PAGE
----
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Lina and Serge: The Love and Wars of Lina Prokofievby Simon Morrison
Synopses & Reviews
Serge Prokofiev was one of the twentieth centurys most brilliant composers yet is an enigma to historians and his fans. Why did he leave the West and move to the Soviet Union despite Stalins crimes? Why did his astonishing creativity in the 1930s soon dissolve into a far less inspiring output in his later years? The answers can finally be revealed, thanks to Simon Morrisons unique and unfettered access to the familys voluminous papers and his ability to reconstruct the tragic, riveting life of the composers wife, Lina.
Morrisons portrait of the marriage of Lina and Serge Prokofiev is the story of a remarkable woman who fought for survival in the face of unbearable betrayal and despair and of the irresistibly talented but heartlessly self-absorbed musician she married. Born to a Spanish father and Russian mother in Madrid at the end of the nineteenth century and raised in Brooklyn, Lina fell in love with a rising-star composer—and defied convention to be with him, courting public censure. She devoted her life to Serge and to art, training to be an operatic soprano and following her brilliant husband to Stalins Russia. Just as Serge found initial acclaim—before becoming constricted by the harsh doctrine of socialist-realist music—Lina was at first accepted and later scorned, ending her singing career. Serge abandoned her and took up with another woman. Finally, Lina was arrested and shipped off to the gulag in 1948. She would be held in captivity for eight awful years. Meanwhile, Serge found himself the tool of an evil regime to which he was forced to accommodate himself.
The contrast between Lina and Serge is one of strength and perseverance versus utter self-absorption, a remarkable human drama that draws on the forces of art, sacrifice, and the struggle against oppression. Readers will never forget the tragic drama of Linas life, and never listen to Serges music in quite the same way again.
"Born in 1897 into a family that was not exactly prosperous but had enough resources to travel around Europe and to New York, Lina inherited her father's deep love of music and her mother's courage, impetuosity, and strong commitment to various causes. Drawing on newly available materials from the Russian State Archive of Literature and Art and the Serge Prokofiev Estate, music historian Morrison energetically and compellingly traces Lina's life from her childhood in Europe through her young adulthood in New York to her tempestuous marriage to the famed composer Serge Prokofiev, her time in the gulag, and her final years in the U.S. At one of his concerts in 1919, Lina met Serge and soon after they married. In their life together, Lina realized that her singing would take a backseat to his stage life, and her suffering commenced as her hopes for a music career were dashed. Later, Lina became an outspoken critic of the political regime, while Serge conformed. After he betrayed Lina and deserted her for another woman, her life fell apart quite quickly; held in captivity in prison camps from 1948 to 1956, Lina never regained her courage or energy, even after she decamped for the U.S. in 1974. Morrison powerful portrait reveals a haunting story of one woman's tragedy and one man's flaws. Agent, Will Lippincott, Lippincott, Massie, McQuilken." Publishers Weekly Copyright PWxyz, LLC. All rights reserved.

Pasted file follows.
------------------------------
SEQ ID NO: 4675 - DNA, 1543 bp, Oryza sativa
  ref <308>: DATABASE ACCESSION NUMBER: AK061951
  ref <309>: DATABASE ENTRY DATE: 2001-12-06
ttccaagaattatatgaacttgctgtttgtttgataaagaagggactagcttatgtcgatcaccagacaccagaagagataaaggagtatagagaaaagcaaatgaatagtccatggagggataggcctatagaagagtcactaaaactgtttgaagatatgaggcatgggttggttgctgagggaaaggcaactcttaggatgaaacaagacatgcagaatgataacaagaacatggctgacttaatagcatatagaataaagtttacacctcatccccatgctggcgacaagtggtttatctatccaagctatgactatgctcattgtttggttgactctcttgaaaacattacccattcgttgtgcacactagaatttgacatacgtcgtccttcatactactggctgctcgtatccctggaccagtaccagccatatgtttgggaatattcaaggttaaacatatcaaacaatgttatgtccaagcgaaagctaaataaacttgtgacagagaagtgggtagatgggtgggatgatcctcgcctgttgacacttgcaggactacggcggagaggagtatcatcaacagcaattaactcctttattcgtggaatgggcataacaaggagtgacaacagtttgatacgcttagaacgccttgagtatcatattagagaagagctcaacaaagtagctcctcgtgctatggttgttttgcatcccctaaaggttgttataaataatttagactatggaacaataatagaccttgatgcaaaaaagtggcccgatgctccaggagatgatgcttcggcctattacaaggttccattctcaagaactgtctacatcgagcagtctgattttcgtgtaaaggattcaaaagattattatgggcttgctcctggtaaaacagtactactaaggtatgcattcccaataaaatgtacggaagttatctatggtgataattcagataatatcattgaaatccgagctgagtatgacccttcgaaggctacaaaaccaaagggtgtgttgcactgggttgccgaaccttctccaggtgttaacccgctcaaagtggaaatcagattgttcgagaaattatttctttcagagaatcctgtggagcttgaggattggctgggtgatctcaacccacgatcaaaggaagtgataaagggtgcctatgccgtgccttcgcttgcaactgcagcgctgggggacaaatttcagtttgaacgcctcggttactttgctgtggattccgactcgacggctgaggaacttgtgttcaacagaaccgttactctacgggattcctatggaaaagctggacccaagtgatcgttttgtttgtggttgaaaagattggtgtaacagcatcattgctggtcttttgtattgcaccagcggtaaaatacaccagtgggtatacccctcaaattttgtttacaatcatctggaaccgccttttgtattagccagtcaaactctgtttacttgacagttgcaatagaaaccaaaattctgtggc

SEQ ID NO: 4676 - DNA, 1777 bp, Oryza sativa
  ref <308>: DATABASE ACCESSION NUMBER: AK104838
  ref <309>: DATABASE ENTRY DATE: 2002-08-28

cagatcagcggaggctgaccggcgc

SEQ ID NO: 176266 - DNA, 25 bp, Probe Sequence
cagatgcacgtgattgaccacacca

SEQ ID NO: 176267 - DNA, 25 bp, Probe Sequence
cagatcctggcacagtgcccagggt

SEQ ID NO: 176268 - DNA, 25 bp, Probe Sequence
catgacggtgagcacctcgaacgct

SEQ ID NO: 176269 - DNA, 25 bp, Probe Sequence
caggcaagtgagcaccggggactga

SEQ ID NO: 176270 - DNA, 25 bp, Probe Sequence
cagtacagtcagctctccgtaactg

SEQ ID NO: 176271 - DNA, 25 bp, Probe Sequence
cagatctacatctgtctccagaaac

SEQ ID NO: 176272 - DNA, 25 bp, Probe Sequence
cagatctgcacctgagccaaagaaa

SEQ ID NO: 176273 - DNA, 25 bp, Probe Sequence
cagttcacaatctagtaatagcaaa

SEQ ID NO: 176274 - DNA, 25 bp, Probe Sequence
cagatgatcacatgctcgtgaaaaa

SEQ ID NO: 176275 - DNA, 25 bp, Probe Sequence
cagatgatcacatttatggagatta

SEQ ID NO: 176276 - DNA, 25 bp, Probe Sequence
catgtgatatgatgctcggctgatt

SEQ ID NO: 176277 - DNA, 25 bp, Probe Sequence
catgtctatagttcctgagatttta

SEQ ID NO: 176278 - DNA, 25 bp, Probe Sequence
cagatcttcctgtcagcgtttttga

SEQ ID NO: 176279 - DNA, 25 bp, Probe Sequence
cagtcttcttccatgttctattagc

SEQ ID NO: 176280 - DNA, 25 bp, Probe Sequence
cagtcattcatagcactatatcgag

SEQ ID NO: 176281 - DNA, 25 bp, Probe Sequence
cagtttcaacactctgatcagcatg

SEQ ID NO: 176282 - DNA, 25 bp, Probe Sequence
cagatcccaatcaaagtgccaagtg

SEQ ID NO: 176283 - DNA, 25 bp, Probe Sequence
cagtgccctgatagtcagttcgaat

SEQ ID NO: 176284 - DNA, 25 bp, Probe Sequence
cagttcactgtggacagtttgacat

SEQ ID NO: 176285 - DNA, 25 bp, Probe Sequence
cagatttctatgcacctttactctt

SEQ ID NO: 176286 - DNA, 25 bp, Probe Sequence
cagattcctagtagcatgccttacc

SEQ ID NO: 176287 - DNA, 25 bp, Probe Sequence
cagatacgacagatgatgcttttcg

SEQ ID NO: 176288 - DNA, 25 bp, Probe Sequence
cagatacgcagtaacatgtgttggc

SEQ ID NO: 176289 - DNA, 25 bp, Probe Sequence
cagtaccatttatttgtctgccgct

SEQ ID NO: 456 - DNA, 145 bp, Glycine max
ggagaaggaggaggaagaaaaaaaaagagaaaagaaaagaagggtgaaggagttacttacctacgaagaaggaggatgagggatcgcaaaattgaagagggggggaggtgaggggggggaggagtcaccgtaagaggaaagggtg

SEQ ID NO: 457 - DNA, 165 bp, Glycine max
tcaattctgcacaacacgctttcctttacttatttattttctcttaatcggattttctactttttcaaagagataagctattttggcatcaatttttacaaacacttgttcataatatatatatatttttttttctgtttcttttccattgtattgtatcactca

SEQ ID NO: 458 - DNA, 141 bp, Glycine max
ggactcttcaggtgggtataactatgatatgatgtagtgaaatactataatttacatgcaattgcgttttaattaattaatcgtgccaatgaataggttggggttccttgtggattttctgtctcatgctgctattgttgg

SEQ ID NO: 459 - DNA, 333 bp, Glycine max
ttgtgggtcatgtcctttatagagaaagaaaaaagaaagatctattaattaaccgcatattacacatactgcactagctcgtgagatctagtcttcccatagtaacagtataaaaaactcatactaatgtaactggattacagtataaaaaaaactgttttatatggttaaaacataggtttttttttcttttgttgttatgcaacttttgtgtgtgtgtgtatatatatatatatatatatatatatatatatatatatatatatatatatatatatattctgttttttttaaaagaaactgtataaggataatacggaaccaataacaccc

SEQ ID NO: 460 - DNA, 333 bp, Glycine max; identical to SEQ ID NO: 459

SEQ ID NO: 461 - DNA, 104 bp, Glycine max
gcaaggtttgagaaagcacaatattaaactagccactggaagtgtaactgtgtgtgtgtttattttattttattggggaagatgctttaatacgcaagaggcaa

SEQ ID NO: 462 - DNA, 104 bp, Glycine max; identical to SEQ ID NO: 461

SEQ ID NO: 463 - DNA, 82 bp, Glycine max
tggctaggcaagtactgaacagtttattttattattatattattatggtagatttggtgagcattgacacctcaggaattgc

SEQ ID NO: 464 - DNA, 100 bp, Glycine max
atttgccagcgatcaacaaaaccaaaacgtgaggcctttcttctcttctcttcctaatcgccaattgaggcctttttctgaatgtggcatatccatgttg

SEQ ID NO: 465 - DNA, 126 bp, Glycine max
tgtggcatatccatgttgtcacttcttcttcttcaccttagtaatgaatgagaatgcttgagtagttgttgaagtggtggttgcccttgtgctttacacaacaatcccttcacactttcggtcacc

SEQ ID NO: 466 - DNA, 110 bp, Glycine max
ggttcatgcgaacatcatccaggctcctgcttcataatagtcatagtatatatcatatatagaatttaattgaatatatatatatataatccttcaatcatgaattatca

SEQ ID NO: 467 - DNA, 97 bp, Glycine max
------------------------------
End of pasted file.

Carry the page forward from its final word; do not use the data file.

The dramatic, untold story of Lina and Serge Prokofiev, a doomed love story and a shattering portrait of an artist.
The doomed love story of Lina Prokofiev, and the human cost of great art Simon Morrisons portrait of Lina and Serge Prokofiev is the story of a remarkable woman who fought for survival in the face of betrayal and despair, and the brilliant, self-absorbed artist she married. Born at the end of the 19th century and raised in Brooklyn, Lina fell in love with Serge and defied convention to be with him. She followed her genius husband to Stalins Russia, but her singing career ended and Serge abandoned her for another woman. Then, in November 1948, Lina was sent to the gulag. She was held in captivity for eight painful years. Meanwhile, Serge found himself the tool of a pitiless regime, to which he had to conform—even while producing some of the 20th centurys greatest musical works.
Lina and Serge is a remarkable human drama drawing on the forces of art, sacrifice, and the struggle against oppression. Readers will never forget the tragic and triumphant sweep of Linas life, and never again listen to Serges music without seeing the flawed man behind it.
About the Author
Simon Morrison is Professor of Music History at Princeton, where he earned his PhD in musicology. A leading authority on composer Serge Prokofiev, he is the author of The People's Artist, along with numerous scholarly articles, and features for the New York Times. In 2011, Morrison was awarded a Guggenheim Fellowship.
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